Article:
What is a Glowforge?

What is a Glowforge?

If you've been around the crafting world, you've probably heard the word Glowforge mentioned and maybe even seen some of the amazing projects that come out of it! So what is it? A printer? Nope (despite Glowforge themselves confusingly referring to it as a printer). A 3D printer? No, again. 3D printers use a filament in many layers to create an object. The Glowforge is a laser and the beam of light literally burns and takes away from the material you put into it. 


Glowforge is a CO2 laser. Electricity is run through a glass tube filled with carbon dioxide, which produces a beam of light the width of a human hair. This laser beam is used to cut or engrave a variety of materials.

Simply place your material (up to 12″ x 20″) in the bed of the Glowforge on the honeycomb tray. This can be acrylic, wood, cardboard, leather (vegetable tanned only), fabric, and so many other things, even food! You can buy “proofgrade” materials straight from Glowforge, which basically means they’re approved to work perfectly with their settings, and the boards have handy QR codes the Glowforge will scan and detect the material. But you’ll save A LOT of money by finding other sources for your materials, maybe even a small business local to you. Lasered By The Creek is my go-to for wood, and Custom Made Better has every possible acrylic you could look for. Click this link to save 10% off your first order of acrylic!

With your material in place, you will send your design, saved as an SVG (scalable vector graphic), to the Glowforge via wifi. I personally use Silhouette Design Studio Business Edition to design and create SVGs. A lot of people use Illustrator, Corel Draw or Lightburn. The program doesn’t really matter, as long as you can save as SVG. You can even buy pre-made SVGs from places like Etsy or Creative Market. You can cut shapes or engrave designs, or both! Here’s a little time-lapse video of me engraving and cutting some race medals out of wood.


Yes! As far as lasers go, the Glowforge is about as easy as it gets to set up. It has a pretty small footprint for a laser, about 38″ wide, 22″ deep and 8″ tall and weighs about 50 lbs. So you can easily put it in your craft room on a nice, sturdy table.

You will go through some steps to register it and get it connected to your wifi, and then you’re pretty much good to go… except, venting…


As the laser burns away layers of wood or acrylic, you need that dust to go somewhere, and you sure don’t want it hanging out in your room! You need to decide how to best vent the laser. Glowforge does sell a compact filter, but I’ve not used it. I’ve only heard how expensive the filters are to replace and how quickly you will go through them. The easiest option is to vent out a window. You just need some 4 inch ducting (I use a 4 layer ducting to prevent leaks). Connect one end to the back of the Glowforge and the other one can literally hang out your window, or you can get fancy like me and get a window dryer vent to connect the other end to, and then you simply take that in and out of the window as needed. Just be sure to seal up the connections really well with foil tape.

When we refinished our attic to be my new studio, I hired someone to install a direct vent to the outside. This is BY FAR superior to the window method if you can do this. The fumes are significantly reduced.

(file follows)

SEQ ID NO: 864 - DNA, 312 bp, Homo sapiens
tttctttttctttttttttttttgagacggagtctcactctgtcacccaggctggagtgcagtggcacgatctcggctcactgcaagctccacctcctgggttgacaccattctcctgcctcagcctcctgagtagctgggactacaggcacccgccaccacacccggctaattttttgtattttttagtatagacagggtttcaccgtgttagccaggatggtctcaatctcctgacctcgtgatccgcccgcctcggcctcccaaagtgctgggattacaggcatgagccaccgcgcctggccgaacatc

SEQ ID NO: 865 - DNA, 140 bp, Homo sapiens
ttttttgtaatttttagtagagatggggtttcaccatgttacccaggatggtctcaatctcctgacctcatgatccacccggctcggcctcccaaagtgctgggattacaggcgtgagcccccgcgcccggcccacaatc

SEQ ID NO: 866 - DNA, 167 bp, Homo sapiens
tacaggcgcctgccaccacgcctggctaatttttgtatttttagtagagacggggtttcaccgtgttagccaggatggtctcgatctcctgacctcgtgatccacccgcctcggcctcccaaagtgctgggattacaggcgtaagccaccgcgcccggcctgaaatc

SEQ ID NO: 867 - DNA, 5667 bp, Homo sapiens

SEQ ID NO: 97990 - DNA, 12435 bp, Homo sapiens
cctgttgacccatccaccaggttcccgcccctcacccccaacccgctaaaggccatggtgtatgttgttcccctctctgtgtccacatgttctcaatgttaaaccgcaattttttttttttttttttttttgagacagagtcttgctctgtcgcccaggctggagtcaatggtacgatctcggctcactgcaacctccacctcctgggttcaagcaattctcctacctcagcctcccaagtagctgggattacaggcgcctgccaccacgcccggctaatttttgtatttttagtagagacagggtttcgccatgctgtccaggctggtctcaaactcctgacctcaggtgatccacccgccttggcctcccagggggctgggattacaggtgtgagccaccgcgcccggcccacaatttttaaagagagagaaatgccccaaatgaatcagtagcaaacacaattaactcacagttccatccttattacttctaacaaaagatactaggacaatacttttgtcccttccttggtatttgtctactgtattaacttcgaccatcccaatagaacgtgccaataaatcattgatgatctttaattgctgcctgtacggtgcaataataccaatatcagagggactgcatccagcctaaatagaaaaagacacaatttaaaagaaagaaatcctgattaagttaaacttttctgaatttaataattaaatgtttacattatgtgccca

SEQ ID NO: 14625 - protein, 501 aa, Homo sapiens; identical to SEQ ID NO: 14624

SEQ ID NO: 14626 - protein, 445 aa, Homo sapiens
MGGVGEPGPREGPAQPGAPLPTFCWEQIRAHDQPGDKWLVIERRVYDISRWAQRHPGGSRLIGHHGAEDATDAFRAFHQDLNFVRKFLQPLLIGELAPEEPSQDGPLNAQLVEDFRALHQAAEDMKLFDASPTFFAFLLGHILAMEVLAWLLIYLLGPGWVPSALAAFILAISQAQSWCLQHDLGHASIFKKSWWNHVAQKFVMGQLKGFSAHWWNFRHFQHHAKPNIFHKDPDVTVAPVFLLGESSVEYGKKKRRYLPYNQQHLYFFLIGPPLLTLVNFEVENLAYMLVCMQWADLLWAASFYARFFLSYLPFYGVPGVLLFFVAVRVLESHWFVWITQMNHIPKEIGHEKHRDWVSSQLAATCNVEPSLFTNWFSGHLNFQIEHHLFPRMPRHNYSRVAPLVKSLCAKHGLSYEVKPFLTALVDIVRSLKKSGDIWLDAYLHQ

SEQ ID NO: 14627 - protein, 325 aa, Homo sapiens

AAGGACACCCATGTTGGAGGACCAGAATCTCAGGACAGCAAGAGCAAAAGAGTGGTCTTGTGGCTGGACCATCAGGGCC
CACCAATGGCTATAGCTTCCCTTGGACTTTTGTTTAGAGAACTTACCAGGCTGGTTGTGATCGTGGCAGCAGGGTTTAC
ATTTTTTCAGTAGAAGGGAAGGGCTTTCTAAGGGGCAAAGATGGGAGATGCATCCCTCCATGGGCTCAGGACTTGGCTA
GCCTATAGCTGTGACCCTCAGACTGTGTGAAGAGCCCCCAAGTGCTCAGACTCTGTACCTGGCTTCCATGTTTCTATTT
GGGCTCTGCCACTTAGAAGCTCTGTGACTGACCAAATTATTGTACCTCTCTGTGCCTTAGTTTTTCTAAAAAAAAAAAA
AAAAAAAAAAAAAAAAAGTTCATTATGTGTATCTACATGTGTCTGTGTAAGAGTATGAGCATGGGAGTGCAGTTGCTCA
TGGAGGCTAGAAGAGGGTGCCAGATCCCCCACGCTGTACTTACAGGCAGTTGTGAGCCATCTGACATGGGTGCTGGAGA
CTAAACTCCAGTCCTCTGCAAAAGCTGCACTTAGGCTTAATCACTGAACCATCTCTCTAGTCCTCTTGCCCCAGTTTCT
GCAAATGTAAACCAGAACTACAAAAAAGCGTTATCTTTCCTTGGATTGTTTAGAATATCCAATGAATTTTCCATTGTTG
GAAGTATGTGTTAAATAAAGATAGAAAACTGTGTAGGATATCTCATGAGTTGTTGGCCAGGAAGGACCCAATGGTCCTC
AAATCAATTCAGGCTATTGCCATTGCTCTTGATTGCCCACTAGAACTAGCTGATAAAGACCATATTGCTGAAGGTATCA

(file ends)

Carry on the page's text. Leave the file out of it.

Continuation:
There are 3 different Glowforge models: the Basic, Plus and Pro. I currently have the Basic and it has been amazing for me and my small business over the last 3.5 years. Here’s the breakdown of each model:

Basic: 40 watts, 6 month warranty.

Plus: 40 watts, 12 month warranty with claims that it cuts up to twice as fast as the basic (I cannot confirm this).

Pro: 45 watts, so this one’s a little more powerful, but the biggest feature is a passthrough slot that allows you to cut longer materials. 12 month warranty. Glowforge says the Pro can cut up to three times faster than the Basic, but again, I’ve only used the Basic, so I cannot confirm this.


Here are some other tips and things to keep in mind if you are considering investing in a Glowforge…

  • Do your research on what you put into your Glowforge. While it’s tempting to try to cut or engrave everything, not everything is laser safe. Make sure you aren’t releasing harmful chemicals. Faux leather is an example of something NOT to cut, as well as most colored leather, which is chemically treated. 
  • If you do want to engrave on food items, you will need to have a separate Glowforge just to do this. Please don’t mix sawdust and cupcakes!
  • The Glowforge does not engrave metal. You can spray CerMark on metal and mark it, but it won’t actually engrave into the metal.
  • You will want to mask (with paper masking, not plastic) most material to protect it from flashback or discoloration from the laser. The easiest way I’ve found to peel masking off is with Gorilla tape! 
  • You can engrave something thicker, like a cutting board, by removing the honeycomb tray.
  • The Glowforge does NOT engrave cups. Up to 2″ thick.
  • Keep a fire blanket and fire extinguisher nearby, just in case. NEVER leave your Glowforge running unattended. Also keep in mind a regular fire extinguisher might stop the fire but will ruin electronics. Worth the extra cost to buy a Halotron Class B or C fire extinguisher.
  • Don’t use alcohol on acrylic – it can cause crazing or cracking. I find acetone to work great, as well as the Novus cleaners.
  • Always do a test cut! (No one wants to waste materials.)


Who doesn’t love a discount?! Using my referral link, you can save up to $500 on a Glowforge!  

If you have any questions, feel free to leave them in the comments and I am happy to help answer them. Please also let me know what you’d like to see or learn about in future blog posts!

Happy lasering!

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